Posts Tagged ‘Zen’

a mountain sees

December 6th, 2012    -    No Comments

The physical form of seated meditation is called the mountain pose. It looks just like it sounds. Sitting on a cushion or chair, the body is anchored in the earth and the head supports the sky. A mountain is what we imitate, but the more we practice sitting like a mountain, the more we become a mountain. Sitting, standing, lying down and walking about: the mountain is unshakable, but moves whenever it wants.

With strength like a mountain, you can keep your eyes, ears, mind, and heart open. Light comes in, and you see things as they are. You see that the sun encircles you, the moon follows you, and the clouds disappear by themselves.

Beginner’s Mind One-Day Retreat
Sunday, Feb. 24, 2013: 9-3
Hazy Moon Zen Center
Los Angeles

Thank you, Nichole
Sun Over Mountain Peak, Tokonoma Scroll

empty field

November 26th, 2012    -    7 Comments

Women of my age are not asked what they want to do when they grow up. But if I were asked, I would say this.

This is all I want to do.

All I want to do is show people how to sit. All I want to do is sit with them. All I want is an empty field blanketed by the stillness of time.

Maybe you want that too.

If you can make it to Cincinnati in March, I’ll point you the rest of the way.

Cultivating Stillness: A Weekend Meditation Retreat at Grailville
Friday, Mar. 15-Sunday, Mar. 17, 2013
Grailville Retreat Center
Loveland, OH
20 miles northeast of Cincinnati
Registration open for full-time participants

Subscribe to my newsletter • Come to a retreat • Facebook me • Follow me.

deep sanity

October 8th, 2012    -    3 Comments

Sometimes the room is so still that the only thing you can babble about is gratitude. I am forever grateful to my teacher, and my teacher’s teacher, for showing me the deep sanity of practice.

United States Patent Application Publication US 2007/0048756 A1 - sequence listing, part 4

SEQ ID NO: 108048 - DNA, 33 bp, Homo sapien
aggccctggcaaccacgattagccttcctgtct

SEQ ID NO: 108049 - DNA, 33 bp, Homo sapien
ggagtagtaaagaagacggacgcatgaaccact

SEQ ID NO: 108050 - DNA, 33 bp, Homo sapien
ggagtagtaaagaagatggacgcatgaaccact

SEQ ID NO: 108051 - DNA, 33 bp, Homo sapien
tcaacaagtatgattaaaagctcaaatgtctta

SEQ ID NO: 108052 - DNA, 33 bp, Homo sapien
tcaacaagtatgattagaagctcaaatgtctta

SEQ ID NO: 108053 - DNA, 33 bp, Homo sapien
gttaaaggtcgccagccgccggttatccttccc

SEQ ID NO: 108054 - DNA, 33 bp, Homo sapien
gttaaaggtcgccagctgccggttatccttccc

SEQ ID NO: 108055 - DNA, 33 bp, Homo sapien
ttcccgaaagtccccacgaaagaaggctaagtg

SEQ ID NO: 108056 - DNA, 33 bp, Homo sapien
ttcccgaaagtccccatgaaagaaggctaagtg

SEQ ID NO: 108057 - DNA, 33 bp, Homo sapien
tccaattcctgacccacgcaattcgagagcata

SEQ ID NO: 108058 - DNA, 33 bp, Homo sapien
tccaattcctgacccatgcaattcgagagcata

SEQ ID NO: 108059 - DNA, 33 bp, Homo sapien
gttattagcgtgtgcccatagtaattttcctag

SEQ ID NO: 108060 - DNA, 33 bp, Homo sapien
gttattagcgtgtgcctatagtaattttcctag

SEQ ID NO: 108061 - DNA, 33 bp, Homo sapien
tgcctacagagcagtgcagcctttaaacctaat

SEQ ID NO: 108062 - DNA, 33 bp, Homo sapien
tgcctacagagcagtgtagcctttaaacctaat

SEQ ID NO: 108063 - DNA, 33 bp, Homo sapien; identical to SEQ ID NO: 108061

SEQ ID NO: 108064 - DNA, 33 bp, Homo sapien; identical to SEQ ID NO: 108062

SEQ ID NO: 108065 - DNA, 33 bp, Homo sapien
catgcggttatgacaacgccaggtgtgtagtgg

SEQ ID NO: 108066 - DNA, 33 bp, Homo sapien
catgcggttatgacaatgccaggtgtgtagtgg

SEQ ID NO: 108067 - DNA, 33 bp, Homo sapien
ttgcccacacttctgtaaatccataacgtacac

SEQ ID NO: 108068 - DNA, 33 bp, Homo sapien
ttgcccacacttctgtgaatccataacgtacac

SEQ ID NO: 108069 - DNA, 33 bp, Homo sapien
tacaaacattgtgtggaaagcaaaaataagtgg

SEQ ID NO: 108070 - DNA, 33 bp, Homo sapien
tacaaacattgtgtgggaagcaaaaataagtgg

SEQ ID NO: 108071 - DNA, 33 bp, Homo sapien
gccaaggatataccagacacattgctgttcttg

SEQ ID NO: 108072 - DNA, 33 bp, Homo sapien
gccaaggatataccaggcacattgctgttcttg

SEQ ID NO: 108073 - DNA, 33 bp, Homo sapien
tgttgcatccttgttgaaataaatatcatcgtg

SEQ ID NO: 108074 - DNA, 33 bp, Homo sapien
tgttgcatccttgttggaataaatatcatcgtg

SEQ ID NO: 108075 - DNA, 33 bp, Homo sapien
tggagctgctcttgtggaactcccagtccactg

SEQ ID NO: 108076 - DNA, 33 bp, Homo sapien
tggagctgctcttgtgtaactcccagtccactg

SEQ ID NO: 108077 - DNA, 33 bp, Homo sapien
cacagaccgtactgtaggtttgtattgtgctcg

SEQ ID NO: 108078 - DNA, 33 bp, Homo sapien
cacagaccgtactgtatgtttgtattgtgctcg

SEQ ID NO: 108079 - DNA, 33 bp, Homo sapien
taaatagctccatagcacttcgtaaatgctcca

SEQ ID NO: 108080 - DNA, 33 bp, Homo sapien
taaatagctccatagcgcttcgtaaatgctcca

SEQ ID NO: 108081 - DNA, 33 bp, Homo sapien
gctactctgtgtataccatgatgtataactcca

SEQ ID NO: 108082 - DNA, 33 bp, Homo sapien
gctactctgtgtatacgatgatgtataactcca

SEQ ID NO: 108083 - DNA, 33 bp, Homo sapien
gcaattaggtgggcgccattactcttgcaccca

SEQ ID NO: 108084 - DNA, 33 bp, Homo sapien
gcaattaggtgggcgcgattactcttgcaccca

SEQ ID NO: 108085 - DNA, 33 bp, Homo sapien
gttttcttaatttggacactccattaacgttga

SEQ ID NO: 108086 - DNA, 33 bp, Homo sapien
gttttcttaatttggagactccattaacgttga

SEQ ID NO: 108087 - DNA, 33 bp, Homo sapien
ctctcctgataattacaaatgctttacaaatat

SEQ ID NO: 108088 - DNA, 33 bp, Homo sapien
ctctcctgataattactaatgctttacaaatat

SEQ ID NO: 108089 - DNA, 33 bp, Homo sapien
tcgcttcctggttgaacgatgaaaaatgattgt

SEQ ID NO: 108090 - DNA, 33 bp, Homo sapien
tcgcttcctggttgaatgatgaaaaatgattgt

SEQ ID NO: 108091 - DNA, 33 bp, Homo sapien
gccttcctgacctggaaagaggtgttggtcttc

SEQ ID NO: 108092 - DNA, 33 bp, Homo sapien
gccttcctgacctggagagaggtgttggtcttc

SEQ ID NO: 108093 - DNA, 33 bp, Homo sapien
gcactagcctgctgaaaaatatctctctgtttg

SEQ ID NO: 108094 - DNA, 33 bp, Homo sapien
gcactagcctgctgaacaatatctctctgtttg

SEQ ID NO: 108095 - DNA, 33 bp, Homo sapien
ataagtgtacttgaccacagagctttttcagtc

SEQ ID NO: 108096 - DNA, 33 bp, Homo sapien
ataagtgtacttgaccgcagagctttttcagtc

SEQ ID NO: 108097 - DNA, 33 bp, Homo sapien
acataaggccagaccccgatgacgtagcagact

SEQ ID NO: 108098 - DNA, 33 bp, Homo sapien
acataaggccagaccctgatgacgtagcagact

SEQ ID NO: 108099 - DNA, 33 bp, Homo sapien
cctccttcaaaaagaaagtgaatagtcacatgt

A sky that never darkens.
An ocean that never empties.
Beyond patience and surrender,
the dignity of having no choice.
Sitting quietly, doing nothing
giving birth to a whole wide world.

Sharing my practice is the only thing that matters, because practice takes care of every single thing. Come sit by me two weeks from now in a world of your own creation.

Deeper Still: a Breath & Meditation Workshop, Washington DC, Oct. 21.

Subscribe to my newsletter  • Friend me •  Like my page • Follow me

the koan of boredom

September 27th, 2012    -    4 Comments

Please see the link at the bottom of this post to read the entire essay online.

The message comes with good intentions, as do most things designed to inspire, so I click on the link in my email and watch the short video.

First I see a sleeping newborn swaddled in a blanket, followed by a silken black butterfly perched on a finger, a dewdrop dangling from a leaf tip, and a nest cradling two luminous robin’s eggs. Images dissolve to a piano serenade—a foggy meadow at daybreak, the fiery blaze of an ocean sunset, a peach pie cooling on a plank table, and a vase of peonies gracing a windowsill. A boy bites a glistening red popsicle at that perfect instant before it slides off the stick. A golden-haired girl blows the dancing flames from her birthday candles. “Moments,” the voiceover says. “Moments like this are all we have.”

They are happy, captivating shots, drenched in color and sentiment. The eye wants to drink them in and dwell. Compared to this, my life seems mostly washed-out and even wasted.

I stop the show. Something’s wrong with this picture. Pies and popsicles are appealing, but these pictures don’t quite capture the essence of life. Not the whole of it.

Later on, in the bathroom picking up dingy wet towels, I notice the mildew creeping up the bottom of the shower curtain. This is not the life of precious tributes. It’s not one of the moments you want to frame and keep. It’s one you want to throw out. And many of us do. We replace people, places, and things that have grown charmless and tiresome— which they always do. Fascination fades and restlessness stirs.

Chasing the picture perfect, we can lose what we have in abundance—the times that teach us even more than the rare delight of butterflies or a robin’s blue eggs. We lose the hours, the days, and the decades when nothing much seems to happen at all. Time freezes. Paint dries. Mildew spreads. We’re bored out of our minds.

Boredom is the unappreciated path to patience, peace, and intimacy, so who would read a paean to it? Let that be your koan.

Don’t quit now! Continue reading this complete article online at Shambhala Sun.

Subscribe to my newsletter  • Friend me •  Like my page • Follow me

shoes are the first to go

August 21st, 2012    -    6 Comments

Shoes are the first to go, left at the door.
What if someone takes them—you’re afraid to say more.
No perfumes or unguents, no shorts or short sleeves
Be mindful of others, but I’d rather leave.
The wardrobe, the makeup, the image, the pose
like pimples concealed on the tip of your nose.
Baggage and crap hauled two flights up the stairs
A room with four walls and the walls are just bare.
Sit, someone tells you, sit and be still.